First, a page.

Boubred F, Buffat C, Feuerstein JM, et al. Effects of early postnatal hypernutrition on nephron number and long-term renal function and structure in rats. Am J Physiol Renal Physiol. 2007;293:F1944–9. doi:10.1152/ajprenal.00141.2007.
Wlodek ME, Mibus A, Tan A, Siebel AL, Owens JA, Moritz KM. Normal lactational environment restores nephron endowment and prevents hypertension after placental restriction in the rat. J Am Soc Nephrol. 2007;18:1688–96. doi:10.1681/ASN.2007010015.
Forrester TE, Wilks RJ, Bennett FI, et al. Fetal growth and cardiovascular risk factors in Jamaican schoolchildren. Br Med J. 1996;312:156–60.
Law CM, Shiell AW. Is blood pressure inversely related to birth weight? The strength of evidence from a systematic review of the literature. J Hypertens. 1996;14:935–41. doi:10.1097/00004872-199608000-00002.
Levitt NS, Steyn K, De Wet T, et al. An inverse relation between blood pressure and birth weight among 5 year old children from Soweto, South Africa. J Epidemiol Community Health. 1999;53:264–8. doi:10.1136/jech.53.5.264.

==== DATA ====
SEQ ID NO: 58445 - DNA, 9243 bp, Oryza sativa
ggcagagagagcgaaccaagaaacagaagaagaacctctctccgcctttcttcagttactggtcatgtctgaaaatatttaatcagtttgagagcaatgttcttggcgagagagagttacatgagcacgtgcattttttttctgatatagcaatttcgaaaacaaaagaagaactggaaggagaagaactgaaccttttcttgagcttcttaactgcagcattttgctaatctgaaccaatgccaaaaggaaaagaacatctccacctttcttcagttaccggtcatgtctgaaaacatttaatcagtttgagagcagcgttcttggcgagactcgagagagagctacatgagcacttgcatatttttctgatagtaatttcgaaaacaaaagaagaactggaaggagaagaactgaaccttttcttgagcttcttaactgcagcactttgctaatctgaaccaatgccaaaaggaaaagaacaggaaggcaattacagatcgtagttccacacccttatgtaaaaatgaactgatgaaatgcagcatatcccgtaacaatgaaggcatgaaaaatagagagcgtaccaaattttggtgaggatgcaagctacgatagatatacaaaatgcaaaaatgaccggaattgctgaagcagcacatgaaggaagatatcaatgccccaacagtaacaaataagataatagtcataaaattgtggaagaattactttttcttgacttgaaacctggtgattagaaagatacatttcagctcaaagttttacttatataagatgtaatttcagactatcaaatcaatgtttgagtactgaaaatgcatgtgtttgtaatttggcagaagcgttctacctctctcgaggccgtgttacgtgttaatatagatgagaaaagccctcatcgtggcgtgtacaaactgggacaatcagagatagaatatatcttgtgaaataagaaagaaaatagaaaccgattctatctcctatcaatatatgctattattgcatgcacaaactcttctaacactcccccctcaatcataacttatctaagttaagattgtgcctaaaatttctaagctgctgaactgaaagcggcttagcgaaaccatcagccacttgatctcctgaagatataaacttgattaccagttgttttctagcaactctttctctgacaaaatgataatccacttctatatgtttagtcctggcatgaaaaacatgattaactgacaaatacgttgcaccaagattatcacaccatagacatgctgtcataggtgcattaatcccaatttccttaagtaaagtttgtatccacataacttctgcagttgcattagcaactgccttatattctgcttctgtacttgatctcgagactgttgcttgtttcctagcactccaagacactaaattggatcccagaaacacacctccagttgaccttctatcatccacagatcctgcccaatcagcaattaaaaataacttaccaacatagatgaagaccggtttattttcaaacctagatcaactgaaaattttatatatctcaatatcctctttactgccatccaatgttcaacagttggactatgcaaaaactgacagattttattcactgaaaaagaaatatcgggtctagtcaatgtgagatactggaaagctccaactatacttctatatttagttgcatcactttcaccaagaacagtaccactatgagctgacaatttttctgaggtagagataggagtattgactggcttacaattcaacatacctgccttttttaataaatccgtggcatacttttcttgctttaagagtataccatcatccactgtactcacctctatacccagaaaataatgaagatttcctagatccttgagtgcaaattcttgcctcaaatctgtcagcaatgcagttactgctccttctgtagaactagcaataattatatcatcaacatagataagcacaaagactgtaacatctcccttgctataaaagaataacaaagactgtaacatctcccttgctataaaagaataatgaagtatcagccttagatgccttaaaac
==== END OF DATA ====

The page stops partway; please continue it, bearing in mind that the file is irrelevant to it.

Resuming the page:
Longo-Mbenza B, Ngiyulu R, Bayekula M, et al. Low birth weight and risk of hypertension in African school children. J Cardiovasc Risk. 1999;6:311–4.
Tian JY, Cheng Q, Song XM, et al. Birth weight and risk of type 2 diabetes, abdominal obesity and hypertension among chinese adults. Eur J Endocrinol. 2006;155:601–7. doi:10.1530/eje.1.02265.
Keijzer-Veen MG, Schrevel M, Finken MJ, et al. Microalbuminuria and lower glomerular filtration rate at young adult age in subjects born very premature and after intrauterine growth retardation. J Am Soc Nephrol. 2005;16:2762–8. doi:10.1681/ASN.2004090783.
Schmidt IM, Chellakooty M, Boisen KA, et al. Impaired kidney growth in low-birth-weight children: Distinct effects of maturity and weight for gestational age. Kidney Int. 2005;68:731–40. doi:10.1111/j.1523-1755.2005.00451.x.
Keijzer-Veen MG, Dulger A, Dekker FW, Nauta J, van der Heijden BJ. Very preterm birth is a risk factor for increased systolic blood pressure at a young adult age. Pediatr Nephrol. 2010;25:509–16. doi:10.1007/s00467-009-1373-9.
Bergvall N, Iliadou A, Johansson S, et al. Genetic and shared environmental factors do not confound the association between birth weight and hypertension: A study among Swedish twins. Circulation. 2007;115:2931–8. doi:10.1161/CIRCULATIONAHA.106.674812.
Huxley R, Neil A, Collins R. Unravelling the fetal origins hypothesis: Is there really an inverse association between birthweight and subsequent blood pressure? Lancet. 2002;360:659–65. doi:10.1016/S0140-6736(02)09834-3.